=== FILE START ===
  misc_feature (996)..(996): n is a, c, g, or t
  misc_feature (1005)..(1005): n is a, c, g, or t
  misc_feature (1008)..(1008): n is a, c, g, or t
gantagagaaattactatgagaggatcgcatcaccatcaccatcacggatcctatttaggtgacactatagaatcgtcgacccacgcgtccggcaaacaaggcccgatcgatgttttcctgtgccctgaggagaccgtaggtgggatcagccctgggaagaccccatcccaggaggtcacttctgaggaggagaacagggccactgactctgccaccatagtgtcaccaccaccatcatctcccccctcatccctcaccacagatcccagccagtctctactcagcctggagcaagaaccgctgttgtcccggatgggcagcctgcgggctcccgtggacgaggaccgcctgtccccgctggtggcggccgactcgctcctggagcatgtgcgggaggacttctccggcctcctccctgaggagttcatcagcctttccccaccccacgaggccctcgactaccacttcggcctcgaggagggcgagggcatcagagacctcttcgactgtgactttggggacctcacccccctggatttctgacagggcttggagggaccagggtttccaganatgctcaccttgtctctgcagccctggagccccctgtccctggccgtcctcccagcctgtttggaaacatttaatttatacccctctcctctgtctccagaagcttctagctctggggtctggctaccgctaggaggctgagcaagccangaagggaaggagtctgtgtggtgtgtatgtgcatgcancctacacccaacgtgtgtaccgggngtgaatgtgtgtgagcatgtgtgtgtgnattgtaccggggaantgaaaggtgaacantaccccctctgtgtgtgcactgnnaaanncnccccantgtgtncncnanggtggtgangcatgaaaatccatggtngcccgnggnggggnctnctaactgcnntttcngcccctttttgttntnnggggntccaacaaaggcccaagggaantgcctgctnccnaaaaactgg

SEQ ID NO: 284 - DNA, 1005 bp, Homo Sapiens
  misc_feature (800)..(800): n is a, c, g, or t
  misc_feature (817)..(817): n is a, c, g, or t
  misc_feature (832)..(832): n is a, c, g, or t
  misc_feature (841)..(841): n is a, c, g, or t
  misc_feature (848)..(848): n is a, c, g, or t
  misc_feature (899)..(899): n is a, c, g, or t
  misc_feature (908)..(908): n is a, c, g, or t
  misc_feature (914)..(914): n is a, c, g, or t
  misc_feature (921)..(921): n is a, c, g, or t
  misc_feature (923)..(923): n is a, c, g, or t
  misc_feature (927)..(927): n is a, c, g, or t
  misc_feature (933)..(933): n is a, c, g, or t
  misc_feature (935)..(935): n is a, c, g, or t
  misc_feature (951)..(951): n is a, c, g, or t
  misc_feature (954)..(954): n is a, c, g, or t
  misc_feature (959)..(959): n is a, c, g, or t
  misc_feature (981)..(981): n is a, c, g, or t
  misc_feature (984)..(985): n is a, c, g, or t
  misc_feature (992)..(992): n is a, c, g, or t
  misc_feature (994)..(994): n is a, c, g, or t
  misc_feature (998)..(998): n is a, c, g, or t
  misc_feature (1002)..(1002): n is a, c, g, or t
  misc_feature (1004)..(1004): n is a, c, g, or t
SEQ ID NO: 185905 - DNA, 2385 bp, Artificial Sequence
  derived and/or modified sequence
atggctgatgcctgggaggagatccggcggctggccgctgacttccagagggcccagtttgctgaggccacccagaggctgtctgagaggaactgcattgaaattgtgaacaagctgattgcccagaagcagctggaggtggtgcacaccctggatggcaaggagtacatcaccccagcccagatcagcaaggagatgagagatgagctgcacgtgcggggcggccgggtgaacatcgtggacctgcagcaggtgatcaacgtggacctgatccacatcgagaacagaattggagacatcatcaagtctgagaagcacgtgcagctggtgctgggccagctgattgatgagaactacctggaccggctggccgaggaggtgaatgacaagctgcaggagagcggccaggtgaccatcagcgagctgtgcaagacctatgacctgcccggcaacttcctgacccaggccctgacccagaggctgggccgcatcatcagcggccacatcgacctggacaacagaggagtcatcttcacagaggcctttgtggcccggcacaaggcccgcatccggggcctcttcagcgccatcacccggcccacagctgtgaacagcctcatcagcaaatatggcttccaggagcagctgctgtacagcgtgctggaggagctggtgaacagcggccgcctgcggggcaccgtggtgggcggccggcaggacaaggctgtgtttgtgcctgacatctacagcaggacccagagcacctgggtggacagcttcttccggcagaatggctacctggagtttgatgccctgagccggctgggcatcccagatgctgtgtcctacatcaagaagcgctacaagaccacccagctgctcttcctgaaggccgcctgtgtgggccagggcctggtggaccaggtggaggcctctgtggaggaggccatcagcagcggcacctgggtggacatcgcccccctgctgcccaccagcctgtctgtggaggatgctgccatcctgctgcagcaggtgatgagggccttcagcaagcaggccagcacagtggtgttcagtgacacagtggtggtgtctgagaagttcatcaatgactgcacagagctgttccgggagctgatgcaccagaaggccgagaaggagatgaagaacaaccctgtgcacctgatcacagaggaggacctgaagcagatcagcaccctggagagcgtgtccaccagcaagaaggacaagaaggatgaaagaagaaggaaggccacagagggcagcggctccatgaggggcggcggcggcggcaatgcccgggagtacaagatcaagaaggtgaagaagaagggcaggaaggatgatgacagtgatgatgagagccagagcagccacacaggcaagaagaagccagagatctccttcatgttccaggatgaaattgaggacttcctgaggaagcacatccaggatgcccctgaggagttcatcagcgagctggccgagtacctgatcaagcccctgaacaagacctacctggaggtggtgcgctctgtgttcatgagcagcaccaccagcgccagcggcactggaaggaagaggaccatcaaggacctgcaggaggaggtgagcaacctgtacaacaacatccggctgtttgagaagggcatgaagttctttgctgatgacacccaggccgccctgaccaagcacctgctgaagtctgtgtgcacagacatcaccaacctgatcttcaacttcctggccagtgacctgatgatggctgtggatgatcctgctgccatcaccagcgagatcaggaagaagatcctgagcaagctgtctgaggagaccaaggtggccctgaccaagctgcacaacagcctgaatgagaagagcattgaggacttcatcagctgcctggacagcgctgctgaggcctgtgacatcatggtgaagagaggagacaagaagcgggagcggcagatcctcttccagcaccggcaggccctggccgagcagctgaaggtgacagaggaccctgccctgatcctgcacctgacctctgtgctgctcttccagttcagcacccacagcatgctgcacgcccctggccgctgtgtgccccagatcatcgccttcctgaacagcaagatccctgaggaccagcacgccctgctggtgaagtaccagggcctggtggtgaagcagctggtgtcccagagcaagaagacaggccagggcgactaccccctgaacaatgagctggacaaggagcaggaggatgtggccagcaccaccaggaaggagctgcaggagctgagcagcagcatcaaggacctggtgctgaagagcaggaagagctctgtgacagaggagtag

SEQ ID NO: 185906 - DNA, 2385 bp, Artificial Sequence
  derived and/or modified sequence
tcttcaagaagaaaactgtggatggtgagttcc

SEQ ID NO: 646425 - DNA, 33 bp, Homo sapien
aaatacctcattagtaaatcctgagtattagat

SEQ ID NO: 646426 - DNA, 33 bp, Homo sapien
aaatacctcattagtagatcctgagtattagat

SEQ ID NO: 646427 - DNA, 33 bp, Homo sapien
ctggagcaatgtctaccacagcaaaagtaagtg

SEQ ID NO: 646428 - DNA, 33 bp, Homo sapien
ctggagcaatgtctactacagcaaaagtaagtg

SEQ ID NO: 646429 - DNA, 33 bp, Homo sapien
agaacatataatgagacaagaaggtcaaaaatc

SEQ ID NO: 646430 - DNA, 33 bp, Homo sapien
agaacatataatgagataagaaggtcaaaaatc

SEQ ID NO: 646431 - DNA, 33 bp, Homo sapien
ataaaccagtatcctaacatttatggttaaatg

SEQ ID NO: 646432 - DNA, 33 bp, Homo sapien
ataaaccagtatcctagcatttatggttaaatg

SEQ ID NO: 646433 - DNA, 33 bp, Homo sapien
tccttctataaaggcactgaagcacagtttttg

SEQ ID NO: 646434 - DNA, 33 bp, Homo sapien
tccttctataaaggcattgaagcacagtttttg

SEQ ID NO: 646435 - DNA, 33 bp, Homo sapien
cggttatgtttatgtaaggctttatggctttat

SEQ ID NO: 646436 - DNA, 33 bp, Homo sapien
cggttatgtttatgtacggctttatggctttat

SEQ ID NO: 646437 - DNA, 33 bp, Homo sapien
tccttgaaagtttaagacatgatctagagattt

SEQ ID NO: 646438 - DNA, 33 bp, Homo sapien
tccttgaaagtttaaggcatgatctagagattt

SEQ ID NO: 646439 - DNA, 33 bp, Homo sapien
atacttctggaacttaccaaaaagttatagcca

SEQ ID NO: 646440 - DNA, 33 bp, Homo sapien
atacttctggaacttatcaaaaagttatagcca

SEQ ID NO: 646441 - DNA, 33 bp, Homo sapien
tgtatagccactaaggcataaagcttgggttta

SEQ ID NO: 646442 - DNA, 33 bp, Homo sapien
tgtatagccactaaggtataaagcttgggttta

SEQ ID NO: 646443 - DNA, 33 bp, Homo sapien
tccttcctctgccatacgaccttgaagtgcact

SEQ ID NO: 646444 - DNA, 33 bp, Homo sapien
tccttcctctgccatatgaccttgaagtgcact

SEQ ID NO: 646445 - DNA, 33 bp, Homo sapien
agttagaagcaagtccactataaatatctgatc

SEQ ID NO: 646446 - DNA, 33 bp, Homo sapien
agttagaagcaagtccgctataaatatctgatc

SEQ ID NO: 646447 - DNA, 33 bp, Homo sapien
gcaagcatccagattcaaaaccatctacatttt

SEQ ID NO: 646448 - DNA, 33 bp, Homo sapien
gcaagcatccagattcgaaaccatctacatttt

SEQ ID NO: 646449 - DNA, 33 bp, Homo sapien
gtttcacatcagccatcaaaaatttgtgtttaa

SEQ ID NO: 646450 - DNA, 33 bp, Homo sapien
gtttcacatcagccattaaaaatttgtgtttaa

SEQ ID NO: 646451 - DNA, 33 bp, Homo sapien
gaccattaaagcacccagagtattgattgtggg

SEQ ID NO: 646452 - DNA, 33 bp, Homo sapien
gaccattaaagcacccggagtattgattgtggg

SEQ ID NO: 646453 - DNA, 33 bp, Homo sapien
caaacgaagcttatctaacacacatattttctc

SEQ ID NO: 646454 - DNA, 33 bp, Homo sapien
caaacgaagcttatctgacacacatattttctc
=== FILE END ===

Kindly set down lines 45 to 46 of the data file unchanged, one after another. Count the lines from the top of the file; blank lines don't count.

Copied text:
SEQ ID NO: 646430 - DNA, 33 bp, Homo sapien
agaacatataatgagataagaaggtcaaaaatc